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Case Analysis: Social Responsibility and Business Ethics

Autor:   •  March 30, 2011  •  Case Study  •  2,817 Words (12 Pages)  •  2,761 Views

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BHP Billiton

Background

BHP Billiton is one of the largest mining companies in the world. It was formed by a merger between the Broken Hill Proprietary Company (now BHP Billiton Limited) and the Anglo-Dutch Billiton plc (BHP Billiton Plc) in 2001. Until 30 June, 2009, BHP Billiton has 40,900 employees in over 100 operations in 25 countries. In the financial year of 2009, BHP Billiton has reached revenue of 50.2 billion US dollars, which results profits of 10.7 billion US dollars.

BHP Billiton provide a diverse range of product with high quality including primary aluminum, base metals, iron ore, diamonds and specialty products, energy coal, manganese, metallurgical coal and petroleum. In order to support their unique breadth of products to the global markets, BHP Billiton has created two main marketing hubs in Singapore and The Hague.

BHP Billiton and BHP Billiton Limited's headquarters are located in Melbourne, Australia, and BHP Billiton Plc's headquarters is located in London, UK. The two companies exist separately, but are operated under one board of directors and managed by one management team. Currently, Marius Kloppers who has more than 17 years experiences in the mining and resources industry appointed to be the CEO of BHP Billiton in October 2007.

Shareholders of either BHP Billiton Limited or BHP Billiton Plc have equal rights in BHP Billiton (BHP Billiton, 2010).

Introduction

The reasons for an organization formed could be: fitting economic purpose, which means to obtain maximum profit; fitting social purpose, such as some charity organizations; and personal purpose, which means to fit personal interests. Therefore, as the leading global resource company, the final objective of BHP Billiton is to maximum their profits and fit the interests of shareholders. However, in the last few decades, more and more companies have realized the importance of being social responsible and perform ethically. The view that the purpose of a company's existence is to make money has been reviewed and changed. Managers in the business are required to play multiple roles, and can be capable of diverse functions, and operate efficiently and effectively. In addition, in order to be competent in a competing environment, managers should update their skills continuously.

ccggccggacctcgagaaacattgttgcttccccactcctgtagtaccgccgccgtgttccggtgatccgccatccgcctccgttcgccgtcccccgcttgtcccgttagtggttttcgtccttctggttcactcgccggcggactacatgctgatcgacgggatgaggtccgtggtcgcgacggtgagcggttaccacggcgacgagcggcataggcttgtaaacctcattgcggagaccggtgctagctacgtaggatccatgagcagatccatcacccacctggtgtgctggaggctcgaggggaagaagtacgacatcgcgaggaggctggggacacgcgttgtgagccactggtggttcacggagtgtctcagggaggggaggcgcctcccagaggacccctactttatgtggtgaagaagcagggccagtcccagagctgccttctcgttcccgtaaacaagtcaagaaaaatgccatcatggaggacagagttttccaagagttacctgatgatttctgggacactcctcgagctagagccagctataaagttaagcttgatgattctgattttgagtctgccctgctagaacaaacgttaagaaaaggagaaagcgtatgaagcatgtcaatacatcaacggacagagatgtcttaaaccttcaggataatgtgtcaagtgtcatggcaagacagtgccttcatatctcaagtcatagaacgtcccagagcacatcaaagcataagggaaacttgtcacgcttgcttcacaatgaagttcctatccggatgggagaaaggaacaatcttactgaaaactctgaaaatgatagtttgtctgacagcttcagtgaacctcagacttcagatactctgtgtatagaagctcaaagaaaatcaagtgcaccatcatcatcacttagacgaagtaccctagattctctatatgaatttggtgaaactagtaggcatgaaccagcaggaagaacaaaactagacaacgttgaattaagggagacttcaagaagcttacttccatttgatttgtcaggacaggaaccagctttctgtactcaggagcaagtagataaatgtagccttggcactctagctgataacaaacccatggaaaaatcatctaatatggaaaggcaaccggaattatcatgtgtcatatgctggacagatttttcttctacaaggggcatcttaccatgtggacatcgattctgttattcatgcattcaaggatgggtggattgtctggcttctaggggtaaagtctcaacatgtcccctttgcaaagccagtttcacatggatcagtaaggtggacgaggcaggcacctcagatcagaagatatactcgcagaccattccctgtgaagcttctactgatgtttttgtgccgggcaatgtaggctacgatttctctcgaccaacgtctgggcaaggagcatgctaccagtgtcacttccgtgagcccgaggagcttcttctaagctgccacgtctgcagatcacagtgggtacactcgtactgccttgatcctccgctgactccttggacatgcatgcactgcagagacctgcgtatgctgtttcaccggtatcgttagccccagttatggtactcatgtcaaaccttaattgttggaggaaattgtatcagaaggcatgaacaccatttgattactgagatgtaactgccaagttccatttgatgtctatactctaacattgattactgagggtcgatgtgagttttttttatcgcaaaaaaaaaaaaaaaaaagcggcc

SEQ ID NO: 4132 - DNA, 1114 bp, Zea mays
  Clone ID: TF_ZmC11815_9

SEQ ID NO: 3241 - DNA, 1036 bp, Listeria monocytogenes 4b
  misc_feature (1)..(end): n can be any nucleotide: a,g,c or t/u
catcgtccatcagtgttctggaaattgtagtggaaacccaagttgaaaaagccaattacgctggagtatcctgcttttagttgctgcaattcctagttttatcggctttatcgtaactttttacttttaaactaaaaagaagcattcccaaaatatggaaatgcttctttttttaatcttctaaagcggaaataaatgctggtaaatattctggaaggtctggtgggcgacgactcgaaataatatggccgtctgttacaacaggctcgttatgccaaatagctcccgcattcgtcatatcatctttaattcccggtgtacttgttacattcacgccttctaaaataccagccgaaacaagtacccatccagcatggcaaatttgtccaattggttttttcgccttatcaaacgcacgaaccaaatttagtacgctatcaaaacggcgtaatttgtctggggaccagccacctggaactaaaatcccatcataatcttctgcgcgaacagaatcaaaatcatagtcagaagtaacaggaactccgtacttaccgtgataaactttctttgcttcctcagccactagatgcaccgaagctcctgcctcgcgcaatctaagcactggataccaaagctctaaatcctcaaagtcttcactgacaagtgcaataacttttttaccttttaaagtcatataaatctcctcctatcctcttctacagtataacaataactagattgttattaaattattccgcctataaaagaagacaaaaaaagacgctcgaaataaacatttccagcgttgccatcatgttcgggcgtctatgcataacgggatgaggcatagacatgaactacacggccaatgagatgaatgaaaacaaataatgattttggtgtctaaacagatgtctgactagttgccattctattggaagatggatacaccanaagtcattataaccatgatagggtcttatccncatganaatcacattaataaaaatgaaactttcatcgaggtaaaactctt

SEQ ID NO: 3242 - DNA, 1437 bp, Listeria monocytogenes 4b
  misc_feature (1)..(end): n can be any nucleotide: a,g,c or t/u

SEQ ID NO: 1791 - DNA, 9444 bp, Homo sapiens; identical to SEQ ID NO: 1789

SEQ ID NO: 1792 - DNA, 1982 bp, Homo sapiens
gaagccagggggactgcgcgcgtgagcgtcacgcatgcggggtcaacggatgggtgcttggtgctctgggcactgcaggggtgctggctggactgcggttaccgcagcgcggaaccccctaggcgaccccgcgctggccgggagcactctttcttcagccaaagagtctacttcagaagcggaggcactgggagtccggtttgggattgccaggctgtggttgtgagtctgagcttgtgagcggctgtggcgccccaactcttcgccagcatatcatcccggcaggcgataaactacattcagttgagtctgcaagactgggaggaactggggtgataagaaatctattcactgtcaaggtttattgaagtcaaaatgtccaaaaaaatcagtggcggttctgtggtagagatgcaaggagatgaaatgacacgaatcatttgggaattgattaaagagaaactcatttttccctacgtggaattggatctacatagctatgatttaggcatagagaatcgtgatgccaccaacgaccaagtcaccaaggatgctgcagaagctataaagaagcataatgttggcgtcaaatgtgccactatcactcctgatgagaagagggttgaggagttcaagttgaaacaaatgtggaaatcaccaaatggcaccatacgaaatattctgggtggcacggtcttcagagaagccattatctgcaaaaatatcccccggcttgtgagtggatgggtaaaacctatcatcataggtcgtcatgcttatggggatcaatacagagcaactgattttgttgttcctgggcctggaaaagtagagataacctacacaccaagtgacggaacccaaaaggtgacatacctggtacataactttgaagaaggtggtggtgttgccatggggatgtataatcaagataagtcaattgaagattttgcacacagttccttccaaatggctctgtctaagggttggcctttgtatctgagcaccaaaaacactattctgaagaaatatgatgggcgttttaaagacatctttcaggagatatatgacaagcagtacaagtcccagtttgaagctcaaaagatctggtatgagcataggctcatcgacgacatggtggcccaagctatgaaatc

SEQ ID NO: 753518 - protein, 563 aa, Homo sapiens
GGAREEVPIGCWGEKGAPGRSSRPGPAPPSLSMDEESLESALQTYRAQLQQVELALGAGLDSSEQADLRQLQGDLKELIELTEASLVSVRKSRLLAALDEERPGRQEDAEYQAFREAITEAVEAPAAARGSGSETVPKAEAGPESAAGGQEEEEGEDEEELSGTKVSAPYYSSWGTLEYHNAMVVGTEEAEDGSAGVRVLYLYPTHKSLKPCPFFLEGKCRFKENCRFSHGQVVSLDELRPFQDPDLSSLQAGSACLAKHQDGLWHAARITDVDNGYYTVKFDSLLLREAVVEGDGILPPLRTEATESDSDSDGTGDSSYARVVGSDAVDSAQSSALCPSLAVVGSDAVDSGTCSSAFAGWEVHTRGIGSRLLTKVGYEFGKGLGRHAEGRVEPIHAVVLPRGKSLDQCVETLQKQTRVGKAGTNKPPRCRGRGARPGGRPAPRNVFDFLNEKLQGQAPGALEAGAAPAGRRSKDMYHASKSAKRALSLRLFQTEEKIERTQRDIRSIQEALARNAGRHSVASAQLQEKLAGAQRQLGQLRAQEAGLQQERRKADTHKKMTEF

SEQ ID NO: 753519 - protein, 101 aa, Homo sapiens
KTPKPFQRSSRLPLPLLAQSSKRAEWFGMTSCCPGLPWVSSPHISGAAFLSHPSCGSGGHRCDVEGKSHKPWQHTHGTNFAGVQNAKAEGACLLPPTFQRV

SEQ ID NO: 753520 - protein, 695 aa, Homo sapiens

From the empirical results, there are many management theories: classical management theories focused on the efficiency of the workforce with little regard for the human element. Human relations management theories began in early 1920s, and focus on human needs and rights. The most prominent theories include: Maslow's hierarchy of needs and Herzberg's motivation theory. In mid 1920s, Behavioral science approach gained popularity which draws from economics, psychology, sociology, anthropology, and other

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